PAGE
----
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I'm following a tutorial and it's going along well. I used ssh to connect fine. Then I created a private and public key. Which leads me to my first question it says that the keys have been saved to

Your identification has been saved in /home/localuser/.ssh/id_dsa.

Your public key has been saved in /home/localuser/.ssh/id_dsa.pub.

But when I look in that folder I don't see the .ssh folder. Is this done for security reasons and it's supposed to be hidden?

Next the tutorial instructs to manually copy the public key to the remote machine using this command:

scp ~/.ssh/id_dsa.pub username@mywebpage.com:.ssh/authorized_keys

When I run that command I get this response.

ssh: connect to host mywebpage.com port 22: Connection refused lost connection

So, like I do when I first connected by ssh, I add -p 2222 at the end of scp command. I then get this response:

2222: No such file or directory

I've also tried uppercase -P 2222

What am I doing wrong?

PS I'm using Linux Mint 15 and Cinnamon

EDIT

OK. Adding -p 2222 right after ssh worked. However I've ran into another issue.

It then transferred the file. However I had to create the directory myself before it would transfer. Now it's supposed to ask my for my passphrase instead of my password. It didn't do this so then the tutorial said to run these commands. chmod 700 ~/.ssh & chmod 600 ~/.ssh/authorized_keys. But when I login it still asks for my password and not my passphrase.

Why is it not working?

EDIT: I ran ssh with -v these are the mentions of public key:

debug1: Authentications that can continue: publickey,password,keyboard-interactive
debug1: Next authentication method: publickey
debug1: Offering DSA public key: /home/localusername/.ssh/id_dsa
debug1: Authentications that can continue: publickey,password,keyboard-interactive
debug1: Trying private key: /home/localusername/.ssh/id_rsa
debug1: Trying private key: /home/localusername/.ssh/id_ecdsa
debug1: Next authentication method: keyboard-interactive

I'll note this is prior to logging in.

share|improve this question
    
Your intial question is solved; please accept the answer that was most helpful and then search for a similar question for your edit. If one doesn't already exist, open one. Please don't keep editing new (even if seemingly related) questions into this one. –  jasonwryan Nov 8 '13 at 19:09
    
Try running ssh with -v or even -vv to get more verbose output. There should be some text in the output about an attempt to use your public key, and then there will be an explanation as to why it didn't work. You could then add that into your post. –  dg99 Nov 8 '13 at 19:12
    
@dg99 OK. I've done that. You can take a look. –  Chakotay Nov 8 '13 at 19:24
    
You're looking for any error messages that explain why the id_rsa attempt failed. If there's no text there, you should try ssh -vv and then ssh -vvv if necessary. Also, you should definitely take the advice @jasonwryan gave to heart and start an entirely new question lest this one get closed for breaking the rules. –  dg99 Nov 8 '13 at 19:27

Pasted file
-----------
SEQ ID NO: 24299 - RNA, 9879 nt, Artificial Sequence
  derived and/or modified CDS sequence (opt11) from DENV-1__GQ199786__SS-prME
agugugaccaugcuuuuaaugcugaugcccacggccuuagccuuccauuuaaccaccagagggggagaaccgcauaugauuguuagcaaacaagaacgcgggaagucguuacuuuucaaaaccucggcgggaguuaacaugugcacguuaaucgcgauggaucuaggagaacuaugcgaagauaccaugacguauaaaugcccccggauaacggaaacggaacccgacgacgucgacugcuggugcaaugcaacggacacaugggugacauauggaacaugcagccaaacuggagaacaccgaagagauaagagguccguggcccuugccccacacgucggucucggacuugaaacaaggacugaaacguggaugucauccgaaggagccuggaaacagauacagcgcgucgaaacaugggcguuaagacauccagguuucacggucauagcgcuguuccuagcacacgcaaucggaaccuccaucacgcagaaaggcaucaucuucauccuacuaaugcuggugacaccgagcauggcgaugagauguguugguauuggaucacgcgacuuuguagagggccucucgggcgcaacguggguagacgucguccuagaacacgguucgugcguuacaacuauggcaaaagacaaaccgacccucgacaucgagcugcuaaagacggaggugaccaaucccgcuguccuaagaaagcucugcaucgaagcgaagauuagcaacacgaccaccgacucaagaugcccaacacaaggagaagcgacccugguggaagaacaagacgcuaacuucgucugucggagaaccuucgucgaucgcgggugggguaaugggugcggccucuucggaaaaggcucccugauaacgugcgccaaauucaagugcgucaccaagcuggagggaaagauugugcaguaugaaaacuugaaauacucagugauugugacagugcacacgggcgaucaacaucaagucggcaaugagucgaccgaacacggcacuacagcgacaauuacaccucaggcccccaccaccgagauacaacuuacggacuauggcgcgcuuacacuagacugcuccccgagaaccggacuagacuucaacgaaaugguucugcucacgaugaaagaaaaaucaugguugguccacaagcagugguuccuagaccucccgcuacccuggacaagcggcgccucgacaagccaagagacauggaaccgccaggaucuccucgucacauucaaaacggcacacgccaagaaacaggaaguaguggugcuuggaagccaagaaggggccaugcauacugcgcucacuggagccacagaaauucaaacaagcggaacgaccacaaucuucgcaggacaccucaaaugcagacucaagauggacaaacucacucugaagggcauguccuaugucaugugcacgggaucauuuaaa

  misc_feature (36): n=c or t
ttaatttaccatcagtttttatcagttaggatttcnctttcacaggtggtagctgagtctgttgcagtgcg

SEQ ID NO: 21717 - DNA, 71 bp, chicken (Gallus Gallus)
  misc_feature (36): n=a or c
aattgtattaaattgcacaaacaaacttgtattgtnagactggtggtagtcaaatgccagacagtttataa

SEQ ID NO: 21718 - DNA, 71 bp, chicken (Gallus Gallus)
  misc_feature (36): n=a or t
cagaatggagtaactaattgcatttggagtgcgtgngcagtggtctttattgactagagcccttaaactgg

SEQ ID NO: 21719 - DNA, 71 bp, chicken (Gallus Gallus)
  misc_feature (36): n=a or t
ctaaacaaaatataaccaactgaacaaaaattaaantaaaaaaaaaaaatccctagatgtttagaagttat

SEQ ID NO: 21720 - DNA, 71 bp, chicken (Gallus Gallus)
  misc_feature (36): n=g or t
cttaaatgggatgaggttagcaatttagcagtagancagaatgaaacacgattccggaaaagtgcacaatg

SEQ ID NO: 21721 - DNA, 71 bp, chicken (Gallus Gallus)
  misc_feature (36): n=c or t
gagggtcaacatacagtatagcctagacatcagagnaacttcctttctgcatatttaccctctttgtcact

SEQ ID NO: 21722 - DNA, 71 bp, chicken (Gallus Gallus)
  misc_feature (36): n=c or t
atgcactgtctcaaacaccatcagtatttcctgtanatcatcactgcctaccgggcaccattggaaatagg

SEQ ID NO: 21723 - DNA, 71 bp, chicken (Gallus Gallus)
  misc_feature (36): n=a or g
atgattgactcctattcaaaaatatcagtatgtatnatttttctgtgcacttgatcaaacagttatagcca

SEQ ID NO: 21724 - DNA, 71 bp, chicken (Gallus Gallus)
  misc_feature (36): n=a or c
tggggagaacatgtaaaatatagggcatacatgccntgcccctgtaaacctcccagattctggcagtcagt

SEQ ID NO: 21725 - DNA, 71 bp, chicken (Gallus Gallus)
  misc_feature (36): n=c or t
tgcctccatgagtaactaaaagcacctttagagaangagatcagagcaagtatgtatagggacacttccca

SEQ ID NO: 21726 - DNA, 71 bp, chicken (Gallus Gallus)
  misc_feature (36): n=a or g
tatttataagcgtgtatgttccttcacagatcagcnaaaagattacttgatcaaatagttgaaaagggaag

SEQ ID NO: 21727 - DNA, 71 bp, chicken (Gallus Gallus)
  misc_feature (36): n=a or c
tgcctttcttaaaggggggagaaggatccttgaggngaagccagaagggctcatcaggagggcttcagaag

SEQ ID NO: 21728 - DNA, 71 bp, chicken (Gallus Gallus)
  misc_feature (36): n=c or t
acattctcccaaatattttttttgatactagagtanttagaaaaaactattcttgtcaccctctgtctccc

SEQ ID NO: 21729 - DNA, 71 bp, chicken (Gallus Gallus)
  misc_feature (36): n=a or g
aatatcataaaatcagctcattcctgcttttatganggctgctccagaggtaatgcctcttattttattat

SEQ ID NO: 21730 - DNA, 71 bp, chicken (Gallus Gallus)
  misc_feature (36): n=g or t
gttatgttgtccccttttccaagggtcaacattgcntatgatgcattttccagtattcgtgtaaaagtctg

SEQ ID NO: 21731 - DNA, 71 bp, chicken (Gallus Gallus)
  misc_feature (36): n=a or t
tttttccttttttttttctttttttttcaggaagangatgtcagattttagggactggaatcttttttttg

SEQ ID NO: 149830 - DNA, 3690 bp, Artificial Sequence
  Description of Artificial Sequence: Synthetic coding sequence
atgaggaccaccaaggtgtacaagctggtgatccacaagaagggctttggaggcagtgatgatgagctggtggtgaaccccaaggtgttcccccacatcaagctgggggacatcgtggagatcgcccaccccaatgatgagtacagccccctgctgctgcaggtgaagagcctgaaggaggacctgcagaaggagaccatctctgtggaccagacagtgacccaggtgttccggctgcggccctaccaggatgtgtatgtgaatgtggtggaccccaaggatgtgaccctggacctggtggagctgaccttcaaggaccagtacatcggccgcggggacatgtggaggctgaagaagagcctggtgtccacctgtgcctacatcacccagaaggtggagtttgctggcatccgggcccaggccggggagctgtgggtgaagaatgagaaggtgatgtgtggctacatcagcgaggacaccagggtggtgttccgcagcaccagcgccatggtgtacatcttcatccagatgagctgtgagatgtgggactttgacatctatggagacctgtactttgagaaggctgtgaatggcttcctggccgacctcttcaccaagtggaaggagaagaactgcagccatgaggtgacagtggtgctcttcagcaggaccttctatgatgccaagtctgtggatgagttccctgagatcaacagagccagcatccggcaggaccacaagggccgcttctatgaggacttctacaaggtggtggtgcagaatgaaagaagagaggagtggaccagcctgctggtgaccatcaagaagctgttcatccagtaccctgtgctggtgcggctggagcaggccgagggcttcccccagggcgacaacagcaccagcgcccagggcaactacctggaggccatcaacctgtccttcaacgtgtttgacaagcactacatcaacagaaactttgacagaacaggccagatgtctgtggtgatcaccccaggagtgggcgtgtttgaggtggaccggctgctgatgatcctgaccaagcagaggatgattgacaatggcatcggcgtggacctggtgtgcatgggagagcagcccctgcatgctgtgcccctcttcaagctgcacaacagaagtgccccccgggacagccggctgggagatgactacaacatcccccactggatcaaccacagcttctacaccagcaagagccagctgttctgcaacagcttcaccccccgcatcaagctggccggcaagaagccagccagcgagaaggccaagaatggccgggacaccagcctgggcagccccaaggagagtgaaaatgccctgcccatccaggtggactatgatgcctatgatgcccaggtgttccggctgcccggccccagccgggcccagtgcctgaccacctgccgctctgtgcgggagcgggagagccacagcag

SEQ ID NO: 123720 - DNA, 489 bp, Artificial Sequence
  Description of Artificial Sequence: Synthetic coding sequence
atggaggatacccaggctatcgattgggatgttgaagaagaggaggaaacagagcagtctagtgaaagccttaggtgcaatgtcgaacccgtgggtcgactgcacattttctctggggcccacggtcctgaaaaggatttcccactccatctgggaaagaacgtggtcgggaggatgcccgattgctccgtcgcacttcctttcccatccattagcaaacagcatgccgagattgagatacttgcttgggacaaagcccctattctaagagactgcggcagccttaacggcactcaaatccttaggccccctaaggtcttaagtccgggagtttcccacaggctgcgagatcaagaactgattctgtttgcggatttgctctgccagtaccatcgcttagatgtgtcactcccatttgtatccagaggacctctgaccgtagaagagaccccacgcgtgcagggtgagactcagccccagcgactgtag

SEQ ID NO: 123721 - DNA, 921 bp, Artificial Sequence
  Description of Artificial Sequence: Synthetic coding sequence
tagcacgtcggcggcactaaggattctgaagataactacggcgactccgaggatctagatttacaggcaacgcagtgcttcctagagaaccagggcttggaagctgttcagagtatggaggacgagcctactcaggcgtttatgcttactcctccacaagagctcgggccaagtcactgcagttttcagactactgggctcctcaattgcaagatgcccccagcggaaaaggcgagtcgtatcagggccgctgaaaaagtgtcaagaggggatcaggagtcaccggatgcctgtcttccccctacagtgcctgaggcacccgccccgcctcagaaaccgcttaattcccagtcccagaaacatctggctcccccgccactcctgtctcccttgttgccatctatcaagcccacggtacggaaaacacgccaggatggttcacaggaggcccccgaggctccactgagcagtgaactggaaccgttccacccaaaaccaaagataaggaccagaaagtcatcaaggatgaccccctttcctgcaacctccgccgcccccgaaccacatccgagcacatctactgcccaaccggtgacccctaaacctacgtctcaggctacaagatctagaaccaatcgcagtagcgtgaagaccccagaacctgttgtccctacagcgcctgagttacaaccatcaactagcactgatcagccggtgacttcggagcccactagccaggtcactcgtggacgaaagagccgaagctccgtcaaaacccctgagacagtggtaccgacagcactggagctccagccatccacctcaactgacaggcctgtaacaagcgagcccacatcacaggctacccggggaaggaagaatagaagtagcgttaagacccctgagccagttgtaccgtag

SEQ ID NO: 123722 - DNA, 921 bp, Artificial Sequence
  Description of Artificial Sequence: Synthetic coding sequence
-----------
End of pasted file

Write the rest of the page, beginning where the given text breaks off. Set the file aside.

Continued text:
@Ok. I'm going to start a new thread. But is there a way I can search for the id_rsa text so I don't have to read countless lines? –  Chakotay Nov 8 '13 at 19:33

2 Answers 2

up vote 2 down vote accepted

add -P 2222 immediately after scp before the location parameters

scp -P 2222 ~/.ssh/id_dsa.pub username@mywebpage.com:.ssh/authorized_keys
share|improve this answer
    
@X Tian That worked to get my 1 step further. Thanks. –  Chakotay Nov 8 '13 at 18:32
    
It then transferred the file. However I had to create the directory myself before it would transfer. Now it's supposed to ask my for my passphrase instead of my password. It didn't do this so they tutorial said to run these commands. chmod 700 ~/.ssh chmod 600 ~/.ssh/authorized_keys. But when I login it still asks for my password and not my passphrase. What can the problem be? And also I still can't find the .ssh folder, is it supposed to be hidden? –  Chakotay Nov 8 '13 at 18:35
    
I think this can also be done using the command ssh-copy-id that's often bundled on Linux systems. –  slm Nov 8 '13 at 22:40

But when I look in that folder I don't see the .ssh folder. Is this done for security reasons and it's supposed to be hidden?

In *nix, directories and files whose names start with a . are typically hidden by default from the user. You can see them with ls by doing ls -a.

Try, putting the -P 2222 before the files on the command line. You must use a capital P, i.e., -P — lowercase p is used for something else. See man scp.

scp uses ssh to do the data transfer securely, which is why you need to specify the SSH port (since you're running it on a non-standard port).

share|improve this answer
    
Thanks for that information. –  Chakotay Nov 8 '13 at 18:43
    
lower-case p is used for ssh, no? Could you please take a look at my edit to my original question? I'm a bit stuck again. –  Chakotay Nov 8 '13 at 19:03
    
Yes, for ssh, -p is for port. However, in scp, -P is the port. -p, in scp, is "Preserves modification times, access times, and modes from the original file." –  Thanatos Nov 8 '13 at 19:10

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